The phone rang, and it was Natalie. She said she wanted to see if I got in okay and that Shelby had wanted to know what happened to Grandpa. And I said I was on my way out and I'd call her tomorrow. I guess I was still steamed at that fight we never finished.
There was another knock. I shouldn't have been surprised since Steve warned me he'd call her, but it was Jill Hower. Jill and I had dated off and on from high school until I was twenty-three, and everybody said we were going to get married, but the heavy mystery of Dad's advice about not marrying the first person you slept with terrified me. I told her to come on in, and she looked at the couch like she remembered it, and I could tell she felt weird too.
I told her Steve and Bill were out back and she asked if I didn't mind if a couple of her friends came in; they wouldn't stay. I told her great, sure, no problem, and she yelled out the front door and some body sulked past me without so much as a hello, followed by a slow-moving, affectionate couple. They brought beer, and the slow-moving couple smelled like pot.
I followed everybody out back, and when I came through the screen door Steve asked if I didn't mind if he went to his car and got his CD player, and I said sure, that's good. Carl had taken off his shirt and was swimming around with the four girls, and Bill took his shoes off and dangled his legs in the water.
Steve got the music going, and everybody was hanging out but not talking. I made everyone else fight over the other three chairs. I said "kapu" when I got up for more beer. When you stood up and wanted to save your chair you said "kapu." Once I moved away, though, I realized no one said it outside of Missoula. But most everybody was getting into the pool, and so there wasn't much call for "kapu" anyway. It made me nervous at first, all of them swimming, but washed away with beer.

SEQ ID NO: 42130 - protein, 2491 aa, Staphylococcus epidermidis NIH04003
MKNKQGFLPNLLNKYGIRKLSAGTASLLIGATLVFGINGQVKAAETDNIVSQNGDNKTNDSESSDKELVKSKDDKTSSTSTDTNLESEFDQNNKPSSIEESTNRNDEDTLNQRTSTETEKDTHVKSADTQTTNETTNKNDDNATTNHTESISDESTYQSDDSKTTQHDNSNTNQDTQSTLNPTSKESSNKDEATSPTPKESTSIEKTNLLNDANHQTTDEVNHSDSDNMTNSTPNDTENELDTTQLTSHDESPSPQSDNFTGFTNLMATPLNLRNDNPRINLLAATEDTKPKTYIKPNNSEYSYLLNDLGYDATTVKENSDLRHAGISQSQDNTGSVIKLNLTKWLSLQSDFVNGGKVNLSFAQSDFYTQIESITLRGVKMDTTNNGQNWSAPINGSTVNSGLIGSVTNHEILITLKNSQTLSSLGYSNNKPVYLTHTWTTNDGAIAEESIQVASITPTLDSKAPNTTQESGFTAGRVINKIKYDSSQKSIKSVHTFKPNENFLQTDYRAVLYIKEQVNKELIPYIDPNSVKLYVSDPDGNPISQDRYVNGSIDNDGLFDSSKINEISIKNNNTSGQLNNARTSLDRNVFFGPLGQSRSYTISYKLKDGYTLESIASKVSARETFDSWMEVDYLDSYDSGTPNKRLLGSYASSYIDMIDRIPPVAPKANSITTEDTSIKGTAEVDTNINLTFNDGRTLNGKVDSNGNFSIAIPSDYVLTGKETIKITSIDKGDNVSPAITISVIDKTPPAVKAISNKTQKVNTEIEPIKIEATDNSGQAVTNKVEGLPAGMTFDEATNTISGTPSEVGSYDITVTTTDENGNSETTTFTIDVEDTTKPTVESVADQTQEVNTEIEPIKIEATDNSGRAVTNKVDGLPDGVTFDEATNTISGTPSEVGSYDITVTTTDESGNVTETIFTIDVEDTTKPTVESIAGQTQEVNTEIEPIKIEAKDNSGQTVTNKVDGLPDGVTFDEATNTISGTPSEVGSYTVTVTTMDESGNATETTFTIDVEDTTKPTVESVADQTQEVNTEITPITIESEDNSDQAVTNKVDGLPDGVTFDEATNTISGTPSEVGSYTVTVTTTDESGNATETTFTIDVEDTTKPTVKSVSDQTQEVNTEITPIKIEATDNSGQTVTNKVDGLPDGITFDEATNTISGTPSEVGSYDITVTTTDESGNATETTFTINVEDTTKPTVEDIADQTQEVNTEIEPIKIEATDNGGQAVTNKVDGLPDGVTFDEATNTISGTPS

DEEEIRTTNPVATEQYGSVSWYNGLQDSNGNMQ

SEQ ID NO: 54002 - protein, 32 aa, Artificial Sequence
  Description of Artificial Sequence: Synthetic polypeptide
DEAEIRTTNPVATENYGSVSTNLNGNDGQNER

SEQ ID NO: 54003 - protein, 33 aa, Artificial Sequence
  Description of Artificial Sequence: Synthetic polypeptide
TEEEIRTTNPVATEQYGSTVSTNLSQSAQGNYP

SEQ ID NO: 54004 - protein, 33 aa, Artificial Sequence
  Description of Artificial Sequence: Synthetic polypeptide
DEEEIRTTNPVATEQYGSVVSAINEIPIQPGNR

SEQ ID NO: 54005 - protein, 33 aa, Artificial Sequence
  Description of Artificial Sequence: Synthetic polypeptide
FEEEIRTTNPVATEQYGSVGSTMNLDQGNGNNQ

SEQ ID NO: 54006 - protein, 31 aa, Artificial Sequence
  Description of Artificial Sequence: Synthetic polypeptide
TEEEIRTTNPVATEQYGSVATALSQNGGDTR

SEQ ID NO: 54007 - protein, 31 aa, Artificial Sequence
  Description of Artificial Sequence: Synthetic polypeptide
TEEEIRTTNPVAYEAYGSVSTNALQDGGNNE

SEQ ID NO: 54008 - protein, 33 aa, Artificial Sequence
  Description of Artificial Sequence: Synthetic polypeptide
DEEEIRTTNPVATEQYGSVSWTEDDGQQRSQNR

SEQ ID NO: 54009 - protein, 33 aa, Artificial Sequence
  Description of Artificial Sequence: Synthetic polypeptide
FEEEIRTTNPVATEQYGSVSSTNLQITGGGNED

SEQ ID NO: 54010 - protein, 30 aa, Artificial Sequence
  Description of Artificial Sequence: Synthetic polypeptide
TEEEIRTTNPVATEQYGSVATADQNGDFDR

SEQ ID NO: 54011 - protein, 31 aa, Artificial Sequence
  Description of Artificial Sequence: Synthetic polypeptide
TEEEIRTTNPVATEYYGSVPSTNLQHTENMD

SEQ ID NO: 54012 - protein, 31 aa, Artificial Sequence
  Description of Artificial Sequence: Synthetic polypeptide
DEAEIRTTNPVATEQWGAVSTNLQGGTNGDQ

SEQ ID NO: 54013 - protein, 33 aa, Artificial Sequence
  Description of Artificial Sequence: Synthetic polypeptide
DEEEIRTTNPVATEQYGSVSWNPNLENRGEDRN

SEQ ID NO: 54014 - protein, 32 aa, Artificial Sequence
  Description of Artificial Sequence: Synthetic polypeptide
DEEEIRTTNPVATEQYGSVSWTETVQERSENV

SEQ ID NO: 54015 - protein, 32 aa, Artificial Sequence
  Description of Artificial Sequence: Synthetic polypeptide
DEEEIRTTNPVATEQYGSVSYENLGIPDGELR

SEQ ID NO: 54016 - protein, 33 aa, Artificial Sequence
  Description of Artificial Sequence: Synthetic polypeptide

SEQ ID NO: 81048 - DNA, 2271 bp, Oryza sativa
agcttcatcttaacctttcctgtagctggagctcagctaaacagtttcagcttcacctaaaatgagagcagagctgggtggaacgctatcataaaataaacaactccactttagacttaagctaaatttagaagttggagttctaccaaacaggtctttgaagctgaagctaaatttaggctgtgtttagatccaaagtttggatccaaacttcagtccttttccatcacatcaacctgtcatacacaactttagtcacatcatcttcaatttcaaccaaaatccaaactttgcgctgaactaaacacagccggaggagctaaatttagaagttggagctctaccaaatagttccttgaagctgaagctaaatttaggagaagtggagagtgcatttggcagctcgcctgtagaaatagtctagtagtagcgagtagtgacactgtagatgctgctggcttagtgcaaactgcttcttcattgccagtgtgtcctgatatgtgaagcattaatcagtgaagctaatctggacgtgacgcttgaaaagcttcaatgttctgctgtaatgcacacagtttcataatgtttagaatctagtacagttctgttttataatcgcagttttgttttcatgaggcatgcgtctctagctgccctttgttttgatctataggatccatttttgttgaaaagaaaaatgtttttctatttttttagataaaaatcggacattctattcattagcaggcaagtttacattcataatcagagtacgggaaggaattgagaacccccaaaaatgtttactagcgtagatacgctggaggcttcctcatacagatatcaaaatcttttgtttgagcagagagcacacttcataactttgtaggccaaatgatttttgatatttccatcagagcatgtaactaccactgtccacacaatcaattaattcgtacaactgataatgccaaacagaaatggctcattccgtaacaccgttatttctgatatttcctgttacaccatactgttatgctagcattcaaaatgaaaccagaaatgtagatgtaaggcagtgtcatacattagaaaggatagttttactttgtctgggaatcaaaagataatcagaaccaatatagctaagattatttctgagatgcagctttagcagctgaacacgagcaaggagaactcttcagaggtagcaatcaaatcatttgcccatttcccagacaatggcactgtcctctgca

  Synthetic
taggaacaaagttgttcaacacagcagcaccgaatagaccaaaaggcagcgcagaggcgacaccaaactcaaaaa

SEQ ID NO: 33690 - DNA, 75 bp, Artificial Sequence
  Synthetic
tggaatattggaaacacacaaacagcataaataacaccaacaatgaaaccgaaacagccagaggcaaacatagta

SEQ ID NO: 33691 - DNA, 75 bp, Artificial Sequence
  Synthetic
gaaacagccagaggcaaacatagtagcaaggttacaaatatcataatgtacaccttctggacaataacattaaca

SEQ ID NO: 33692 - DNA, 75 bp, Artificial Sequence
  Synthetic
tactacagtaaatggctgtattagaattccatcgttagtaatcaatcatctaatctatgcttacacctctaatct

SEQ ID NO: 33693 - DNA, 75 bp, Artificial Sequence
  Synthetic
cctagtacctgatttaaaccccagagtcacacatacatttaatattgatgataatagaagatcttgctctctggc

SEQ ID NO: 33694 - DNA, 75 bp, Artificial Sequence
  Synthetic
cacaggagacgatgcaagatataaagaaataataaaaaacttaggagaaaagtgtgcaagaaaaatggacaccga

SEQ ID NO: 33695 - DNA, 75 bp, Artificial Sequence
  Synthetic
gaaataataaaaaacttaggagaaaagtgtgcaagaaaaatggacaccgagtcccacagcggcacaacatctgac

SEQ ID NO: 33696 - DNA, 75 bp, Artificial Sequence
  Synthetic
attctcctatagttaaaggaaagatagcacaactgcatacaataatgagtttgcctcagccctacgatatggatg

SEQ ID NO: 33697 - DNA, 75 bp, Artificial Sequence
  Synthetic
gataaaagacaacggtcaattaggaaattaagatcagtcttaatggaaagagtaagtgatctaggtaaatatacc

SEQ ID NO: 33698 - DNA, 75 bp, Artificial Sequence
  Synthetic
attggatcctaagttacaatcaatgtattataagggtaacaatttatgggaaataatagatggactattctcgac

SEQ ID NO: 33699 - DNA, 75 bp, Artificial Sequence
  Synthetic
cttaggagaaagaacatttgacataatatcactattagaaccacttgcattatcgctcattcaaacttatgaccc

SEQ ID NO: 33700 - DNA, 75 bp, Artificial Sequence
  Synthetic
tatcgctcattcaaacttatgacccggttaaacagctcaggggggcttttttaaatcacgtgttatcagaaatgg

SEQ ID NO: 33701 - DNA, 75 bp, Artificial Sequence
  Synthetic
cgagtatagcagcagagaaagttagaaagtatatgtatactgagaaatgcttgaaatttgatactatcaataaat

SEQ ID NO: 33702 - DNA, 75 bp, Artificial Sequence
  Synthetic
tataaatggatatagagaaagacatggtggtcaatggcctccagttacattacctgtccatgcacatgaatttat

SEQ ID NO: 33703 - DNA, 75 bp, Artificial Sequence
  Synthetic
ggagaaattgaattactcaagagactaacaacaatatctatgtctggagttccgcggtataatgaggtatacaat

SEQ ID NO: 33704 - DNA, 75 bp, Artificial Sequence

Steve decided to get in the pool too, without kapuing, and Jill pried herself away from her friends and Bogarted his chair. One of her friends, the sulky one, told her he was going on a beer run, and Jill asked if anybody wanted some. I was looking at the stars, and she asked what I was looking at and I said Cancer the Crab. She looked up too. I could tell she was trying to follow the trajectory of my eyes. And she said she was a Cancer. I told her, "A malignant one." And then felt bad.
There was something abusable about Jill. I liked to think that it wasn't that old business about how guys treat girls they've slept with, but it probably was. Moreover, Jill hadn't really changed. She'd take classes at the university and drop out when they got hard or she got a new boyfriend. She must have had twenty semesters under her belt, but no ambition. Not that ambition is any gauge.
Jill asked if I needed someone to talk to. I said no and felt even worse. We sat there and I tried to think of some kind of conversation that would show her there were no hard feelings but all that came out was that I couldn't believe how nice the weather was for this time of year.
And Jill agreed.
Bill passed around a joint that smelled so pungent I didn't know if I could take some, not to mention the whiz-quiz at work in two weeks, but I figured it beat talking. We were high by the time Jill's friend came back. He seemed more animated than when he'd arrived, and he told everybody that the Roxy was on fire, and there weren't any fire trucks there. One of the girls let out a college-girl squeal and the other two said they wanted to see and they got out of the water one-two-three and put towels around their little butts, and put on their shoes and left a shiny trail of water behind as they walked through the gate.
The Roxy was only three blocks away. It was the oldest theater in Missoula. I remember seeing 2001: A Space Odyssey there the first time I got stoned; my sophomore year of college. I was confused about why the apes were dancing around that big black rock shaped like a hard-on; a "monolith." The Roxy used to show a lot of cool movies and they'd rebuilt it to look 1950's. We could see the sky getting lighter over the fence, and then I heard the sirens and people yelling and horns honking.